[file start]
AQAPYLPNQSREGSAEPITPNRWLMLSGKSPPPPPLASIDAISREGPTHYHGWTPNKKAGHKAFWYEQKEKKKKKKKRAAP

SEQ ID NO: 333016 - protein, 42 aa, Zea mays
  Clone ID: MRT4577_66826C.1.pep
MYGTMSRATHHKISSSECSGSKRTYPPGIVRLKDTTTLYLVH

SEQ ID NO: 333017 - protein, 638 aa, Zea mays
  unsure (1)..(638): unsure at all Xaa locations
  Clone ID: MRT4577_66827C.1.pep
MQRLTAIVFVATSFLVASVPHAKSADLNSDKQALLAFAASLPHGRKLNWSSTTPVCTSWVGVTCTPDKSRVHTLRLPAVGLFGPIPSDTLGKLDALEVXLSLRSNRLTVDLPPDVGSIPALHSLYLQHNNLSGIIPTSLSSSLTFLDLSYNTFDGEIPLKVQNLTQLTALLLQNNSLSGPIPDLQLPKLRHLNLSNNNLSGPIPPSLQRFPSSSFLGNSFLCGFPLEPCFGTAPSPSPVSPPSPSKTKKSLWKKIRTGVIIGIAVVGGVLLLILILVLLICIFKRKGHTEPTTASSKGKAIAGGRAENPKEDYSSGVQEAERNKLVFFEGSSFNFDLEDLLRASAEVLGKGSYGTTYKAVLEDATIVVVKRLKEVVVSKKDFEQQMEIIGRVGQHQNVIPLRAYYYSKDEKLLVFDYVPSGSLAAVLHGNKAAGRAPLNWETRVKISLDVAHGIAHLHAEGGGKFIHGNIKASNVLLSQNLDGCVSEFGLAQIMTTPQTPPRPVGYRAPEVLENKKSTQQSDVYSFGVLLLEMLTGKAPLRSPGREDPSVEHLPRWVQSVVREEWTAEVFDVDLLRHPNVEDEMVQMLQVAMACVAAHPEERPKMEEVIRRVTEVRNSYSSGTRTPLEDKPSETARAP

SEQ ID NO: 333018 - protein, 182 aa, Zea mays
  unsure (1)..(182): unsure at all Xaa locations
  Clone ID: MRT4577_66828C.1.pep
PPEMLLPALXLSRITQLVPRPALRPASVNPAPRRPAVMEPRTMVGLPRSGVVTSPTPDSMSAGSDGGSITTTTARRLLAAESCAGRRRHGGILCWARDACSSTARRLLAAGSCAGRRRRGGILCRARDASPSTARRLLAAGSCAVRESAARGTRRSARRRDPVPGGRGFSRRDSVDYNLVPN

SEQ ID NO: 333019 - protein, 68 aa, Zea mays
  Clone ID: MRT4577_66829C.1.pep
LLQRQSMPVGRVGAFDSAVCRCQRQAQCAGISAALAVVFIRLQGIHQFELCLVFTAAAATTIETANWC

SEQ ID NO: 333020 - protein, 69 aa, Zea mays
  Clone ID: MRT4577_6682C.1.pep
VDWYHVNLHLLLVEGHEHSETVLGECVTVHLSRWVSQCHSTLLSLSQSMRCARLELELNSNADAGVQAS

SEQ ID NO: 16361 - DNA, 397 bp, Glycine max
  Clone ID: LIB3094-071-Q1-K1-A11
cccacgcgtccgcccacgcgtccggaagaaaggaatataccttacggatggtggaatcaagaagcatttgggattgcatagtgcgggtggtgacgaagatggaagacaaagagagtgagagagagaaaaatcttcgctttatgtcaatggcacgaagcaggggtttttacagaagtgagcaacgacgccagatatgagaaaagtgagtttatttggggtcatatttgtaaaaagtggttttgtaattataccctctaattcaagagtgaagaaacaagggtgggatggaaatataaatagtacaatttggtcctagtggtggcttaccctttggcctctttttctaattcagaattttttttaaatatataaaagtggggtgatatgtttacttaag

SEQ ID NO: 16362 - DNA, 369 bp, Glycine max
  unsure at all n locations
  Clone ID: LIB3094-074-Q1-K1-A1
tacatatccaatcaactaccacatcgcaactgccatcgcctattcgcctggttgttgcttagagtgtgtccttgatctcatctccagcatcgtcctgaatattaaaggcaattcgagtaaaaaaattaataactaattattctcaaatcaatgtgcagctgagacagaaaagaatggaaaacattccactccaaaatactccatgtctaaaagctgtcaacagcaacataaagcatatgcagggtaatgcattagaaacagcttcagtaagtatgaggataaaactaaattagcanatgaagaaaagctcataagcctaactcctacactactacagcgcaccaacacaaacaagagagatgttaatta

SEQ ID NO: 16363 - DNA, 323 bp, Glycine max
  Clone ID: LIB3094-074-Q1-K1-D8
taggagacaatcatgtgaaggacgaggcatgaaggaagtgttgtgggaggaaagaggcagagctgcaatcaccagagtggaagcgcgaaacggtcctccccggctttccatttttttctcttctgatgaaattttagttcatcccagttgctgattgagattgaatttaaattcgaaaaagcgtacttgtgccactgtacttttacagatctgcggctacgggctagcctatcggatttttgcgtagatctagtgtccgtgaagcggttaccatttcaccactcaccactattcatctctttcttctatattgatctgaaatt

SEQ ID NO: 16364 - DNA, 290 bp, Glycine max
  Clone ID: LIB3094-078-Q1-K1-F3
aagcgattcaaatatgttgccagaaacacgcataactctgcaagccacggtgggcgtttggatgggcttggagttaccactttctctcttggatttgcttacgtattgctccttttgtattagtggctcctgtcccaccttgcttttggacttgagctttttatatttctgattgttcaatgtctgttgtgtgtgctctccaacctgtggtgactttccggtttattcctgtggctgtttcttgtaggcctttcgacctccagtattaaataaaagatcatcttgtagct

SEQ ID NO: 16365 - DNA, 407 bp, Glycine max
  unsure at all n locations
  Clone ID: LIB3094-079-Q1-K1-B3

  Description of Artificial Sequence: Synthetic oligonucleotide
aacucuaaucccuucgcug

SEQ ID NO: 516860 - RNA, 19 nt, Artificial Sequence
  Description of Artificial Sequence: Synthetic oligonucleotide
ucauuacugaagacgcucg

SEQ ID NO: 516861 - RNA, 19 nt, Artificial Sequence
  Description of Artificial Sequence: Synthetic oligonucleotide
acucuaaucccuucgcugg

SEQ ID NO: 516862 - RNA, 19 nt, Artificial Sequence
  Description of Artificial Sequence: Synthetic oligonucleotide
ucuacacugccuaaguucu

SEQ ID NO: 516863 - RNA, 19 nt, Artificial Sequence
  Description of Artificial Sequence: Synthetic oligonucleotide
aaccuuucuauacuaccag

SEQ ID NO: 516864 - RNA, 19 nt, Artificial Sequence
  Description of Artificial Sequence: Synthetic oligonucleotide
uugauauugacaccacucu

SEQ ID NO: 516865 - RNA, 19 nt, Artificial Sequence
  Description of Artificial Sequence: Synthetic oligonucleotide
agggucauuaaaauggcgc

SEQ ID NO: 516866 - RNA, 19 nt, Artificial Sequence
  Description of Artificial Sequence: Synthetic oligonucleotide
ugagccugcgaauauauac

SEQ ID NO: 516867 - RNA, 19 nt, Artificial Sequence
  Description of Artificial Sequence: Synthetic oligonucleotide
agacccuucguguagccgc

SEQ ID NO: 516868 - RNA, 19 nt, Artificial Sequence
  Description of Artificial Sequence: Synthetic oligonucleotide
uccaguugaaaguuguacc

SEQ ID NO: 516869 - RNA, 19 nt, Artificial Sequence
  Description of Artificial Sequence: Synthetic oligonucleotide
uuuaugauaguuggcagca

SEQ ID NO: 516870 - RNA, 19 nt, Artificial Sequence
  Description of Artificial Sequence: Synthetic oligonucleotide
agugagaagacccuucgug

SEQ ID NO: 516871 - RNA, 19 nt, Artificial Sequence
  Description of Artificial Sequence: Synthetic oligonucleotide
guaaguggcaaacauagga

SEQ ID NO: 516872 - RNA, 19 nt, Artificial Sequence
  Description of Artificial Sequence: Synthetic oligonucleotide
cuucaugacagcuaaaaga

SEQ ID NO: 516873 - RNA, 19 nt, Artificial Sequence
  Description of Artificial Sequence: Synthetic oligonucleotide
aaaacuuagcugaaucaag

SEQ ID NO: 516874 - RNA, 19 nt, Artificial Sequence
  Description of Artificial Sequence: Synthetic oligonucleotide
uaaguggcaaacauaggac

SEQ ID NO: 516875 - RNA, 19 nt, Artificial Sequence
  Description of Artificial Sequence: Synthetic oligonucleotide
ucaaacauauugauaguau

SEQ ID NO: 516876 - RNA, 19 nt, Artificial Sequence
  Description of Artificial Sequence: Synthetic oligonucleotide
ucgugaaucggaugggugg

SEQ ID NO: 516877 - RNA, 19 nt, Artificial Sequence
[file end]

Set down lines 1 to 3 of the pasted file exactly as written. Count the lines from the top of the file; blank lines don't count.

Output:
AQAPYLPNQSREGSAEPITPNRWLMLSGKSPPPPPLASIDAISREGPTHYHGWTPNKKAGHKAFWYEQKEKKKKKKKRAAP

SEQ ID NO: 333016 - protein, 42 aa, Zea mays
  Clone ID: MRT4577_66826C.1.pep